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This single hard-covered volume absorbs two previous works, contains 57 chapters and three appendices and is well illustrated with sketches, maps and photographs in colour and black and white. Covering, in meticulous detail the 90 years of the force's existence, it is a connoisseur's dream and will be hard to emulate.
Although the book has a scholarly approach, it is written in an entertaining easily-accessible style. We are given details of the formative years of the force with its hard-bitten band of colourful adventurers from all strata of society.
The men who became the bedrock of civilian authority within the territory and who brought about the occupation of Matabeleland, men depended upon by that icon of imperialism, Cecil Rhodes - who sought the expansion of the British Empire and would-be builder of a railroad from the Cape to Cairo The descriptions of the BSAP involvement in the infamous Jameson raid ofthe rebellions against the Imperial authority in Matabeleland and Mashonaland, all this and more will enthral those interested in the interlaced tapestry of Southern African history.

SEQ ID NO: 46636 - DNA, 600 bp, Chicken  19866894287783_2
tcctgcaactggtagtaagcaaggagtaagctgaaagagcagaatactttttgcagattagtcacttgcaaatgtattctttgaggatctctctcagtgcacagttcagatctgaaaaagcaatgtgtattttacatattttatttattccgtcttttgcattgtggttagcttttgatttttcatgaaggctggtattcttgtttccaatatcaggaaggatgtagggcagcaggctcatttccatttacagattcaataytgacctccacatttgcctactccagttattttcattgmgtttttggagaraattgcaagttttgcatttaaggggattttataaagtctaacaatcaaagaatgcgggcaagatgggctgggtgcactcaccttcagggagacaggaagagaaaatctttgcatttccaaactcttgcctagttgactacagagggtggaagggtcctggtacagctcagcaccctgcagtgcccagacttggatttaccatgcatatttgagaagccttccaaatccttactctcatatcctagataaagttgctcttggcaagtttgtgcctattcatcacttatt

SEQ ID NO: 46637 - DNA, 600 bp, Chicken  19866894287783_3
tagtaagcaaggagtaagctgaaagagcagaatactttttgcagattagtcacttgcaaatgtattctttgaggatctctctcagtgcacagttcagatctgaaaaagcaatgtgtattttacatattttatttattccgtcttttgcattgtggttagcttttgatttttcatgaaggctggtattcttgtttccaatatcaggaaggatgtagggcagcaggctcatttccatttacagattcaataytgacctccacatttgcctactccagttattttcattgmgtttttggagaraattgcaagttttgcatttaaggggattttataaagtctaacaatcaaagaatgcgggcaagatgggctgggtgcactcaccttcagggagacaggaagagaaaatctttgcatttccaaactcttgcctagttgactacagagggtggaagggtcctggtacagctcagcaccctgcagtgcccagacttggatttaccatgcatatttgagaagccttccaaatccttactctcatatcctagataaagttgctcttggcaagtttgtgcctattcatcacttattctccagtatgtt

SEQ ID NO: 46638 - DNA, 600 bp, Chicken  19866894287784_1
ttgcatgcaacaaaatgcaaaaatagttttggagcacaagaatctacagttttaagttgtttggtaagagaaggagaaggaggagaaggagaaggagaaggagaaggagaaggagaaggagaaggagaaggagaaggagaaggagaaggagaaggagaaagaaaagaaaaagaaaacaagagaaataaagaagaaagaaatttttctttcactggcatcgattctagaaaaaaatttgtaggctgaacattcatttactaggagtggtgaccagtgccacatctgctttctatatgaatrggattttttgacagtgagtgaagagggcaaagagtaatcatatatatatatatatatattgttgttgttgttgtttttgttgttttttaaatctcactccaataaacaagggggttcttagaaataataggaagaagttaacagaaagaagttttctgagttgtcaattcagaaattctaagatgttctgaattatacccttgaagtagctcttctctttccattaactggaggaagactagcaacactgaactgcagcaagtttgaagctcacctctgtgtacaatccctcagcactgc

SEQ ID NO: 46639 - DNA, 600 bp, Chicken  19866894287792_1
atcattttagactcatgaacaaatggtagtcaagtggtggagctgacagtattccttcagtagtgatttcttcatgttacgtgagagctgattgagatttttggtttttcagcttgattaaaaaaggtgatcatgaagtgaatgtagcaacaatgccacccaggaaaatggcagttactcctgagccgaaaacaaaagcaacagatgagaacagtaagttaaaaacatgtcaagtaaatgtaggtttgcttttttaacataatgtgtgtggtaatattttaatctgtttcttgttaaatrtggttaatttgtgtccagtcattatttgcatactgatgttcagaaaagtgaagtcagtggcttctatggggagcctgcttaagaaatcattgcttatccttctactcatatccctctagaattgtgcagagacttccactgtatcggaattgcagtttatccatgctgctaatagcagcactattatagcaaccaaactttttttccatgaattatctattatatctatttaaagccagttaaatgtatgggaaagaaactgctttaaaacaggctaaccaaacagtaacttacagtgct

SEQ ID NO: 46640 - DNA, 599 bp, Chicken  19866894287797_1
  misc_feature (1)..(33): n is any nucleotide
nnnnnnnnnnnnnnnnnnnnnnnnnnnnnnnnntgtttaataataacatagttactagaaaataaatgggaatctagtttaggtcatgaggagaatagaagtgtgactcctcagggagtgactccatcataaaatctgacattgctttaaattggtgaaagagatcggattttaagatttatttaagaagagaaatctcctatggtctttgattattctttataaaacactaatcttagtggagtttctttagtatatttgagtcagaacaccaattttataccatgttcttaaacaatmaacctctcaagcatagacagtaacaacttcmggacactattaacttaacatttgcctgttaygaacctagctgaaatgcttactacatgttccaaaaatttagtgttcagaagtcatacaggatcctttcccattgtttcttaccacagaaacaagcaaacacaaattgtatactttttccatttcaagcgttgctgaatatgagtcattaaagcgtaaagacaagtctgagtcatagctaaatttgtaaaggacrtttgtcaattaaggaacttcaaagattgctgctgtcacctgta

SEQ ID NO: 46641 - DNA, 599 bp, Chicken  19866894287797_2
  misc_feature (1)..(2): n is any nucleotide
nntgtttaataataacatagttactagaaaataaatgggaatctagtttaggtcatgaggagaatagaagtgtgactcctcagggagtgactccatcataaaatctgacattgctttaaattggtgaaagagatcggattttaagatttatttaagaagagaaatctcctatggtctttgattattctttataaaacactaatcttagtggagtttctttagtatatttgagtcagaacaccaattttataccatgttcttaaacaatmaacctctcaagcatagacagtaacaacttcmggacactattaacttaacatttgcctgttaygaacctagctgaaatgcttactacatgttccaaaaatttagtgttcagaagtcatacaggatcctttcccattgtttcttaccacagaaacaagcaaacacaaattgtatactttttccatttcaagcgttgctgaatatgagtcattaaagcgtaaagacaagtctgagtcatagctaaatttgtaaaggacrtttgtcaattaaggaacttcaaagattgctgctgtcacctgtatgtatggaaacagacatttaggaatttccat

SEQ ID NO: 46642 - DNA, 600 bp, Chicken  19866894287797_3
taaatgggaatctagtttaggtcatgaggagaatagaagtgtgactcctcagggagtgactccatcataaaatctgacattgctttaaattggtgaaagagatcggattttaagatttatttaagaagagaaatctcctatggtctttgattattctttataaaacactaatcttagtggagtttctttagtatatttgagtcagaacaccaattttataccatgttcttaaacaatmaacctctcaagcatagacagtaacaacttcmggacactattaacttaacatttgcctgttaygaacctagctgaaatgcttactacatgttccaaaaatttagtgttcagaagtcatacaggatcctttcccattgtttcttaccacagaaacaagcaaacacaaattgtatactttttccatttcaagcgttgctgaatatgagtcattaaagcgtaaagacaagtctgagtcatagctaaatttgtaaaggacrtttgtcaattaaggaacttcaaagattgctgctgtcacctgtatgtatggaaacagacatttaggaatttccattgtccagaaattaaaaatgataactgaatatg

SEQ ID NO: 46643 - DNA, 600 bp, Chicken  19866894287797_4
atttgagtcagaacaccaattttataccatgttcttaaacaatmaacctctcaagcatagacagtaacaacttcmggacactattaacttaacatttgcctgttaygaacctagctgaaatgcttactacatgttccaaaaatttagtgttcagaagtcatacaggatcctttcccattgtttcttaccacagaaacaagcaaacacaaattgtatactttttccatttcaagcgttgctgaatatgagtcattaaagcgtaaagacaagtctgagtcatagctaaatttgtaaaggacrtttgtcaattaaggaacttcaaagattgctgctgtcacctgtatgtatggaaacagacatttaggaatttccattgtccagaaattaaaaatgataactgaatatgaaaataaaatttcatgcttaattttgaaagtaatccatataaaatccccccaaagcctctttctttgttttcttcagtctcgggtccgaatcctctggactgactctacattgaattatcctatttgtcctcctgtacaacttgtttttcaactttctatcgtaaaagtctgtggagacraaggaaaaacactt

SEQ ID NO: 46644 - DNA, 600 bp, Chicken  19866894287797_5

The individual efforts of its members, regulars and reservists, male and female, black and white, both in the workplace and on the sports field, are vividly captured. It also records the reminiscences of the Force's earlier commissioners and the intimate revelations of the men and women, regulars and reservists alike, both black and white, who struggled fruitlessly against losing their country to forces of evil.
The 'final chapter' probes the vacillating leadership at the helm of its last commissioner who was unable to make the meaningful decisions needed to keep the force afloat in the face of internal and external pressures.
In relating the history of the BSAP, which was 'on stage' during all the dramas directed largely by politicians of various hues, the book provides a forever living business presentation south africa and controversial view of the action and very frank opinions on the directors and actors as the action swept across the southern Africa landscape during those 90 tumultuous years.
More maps of the earlier adventures, with place names and routes, would have helped the reader along.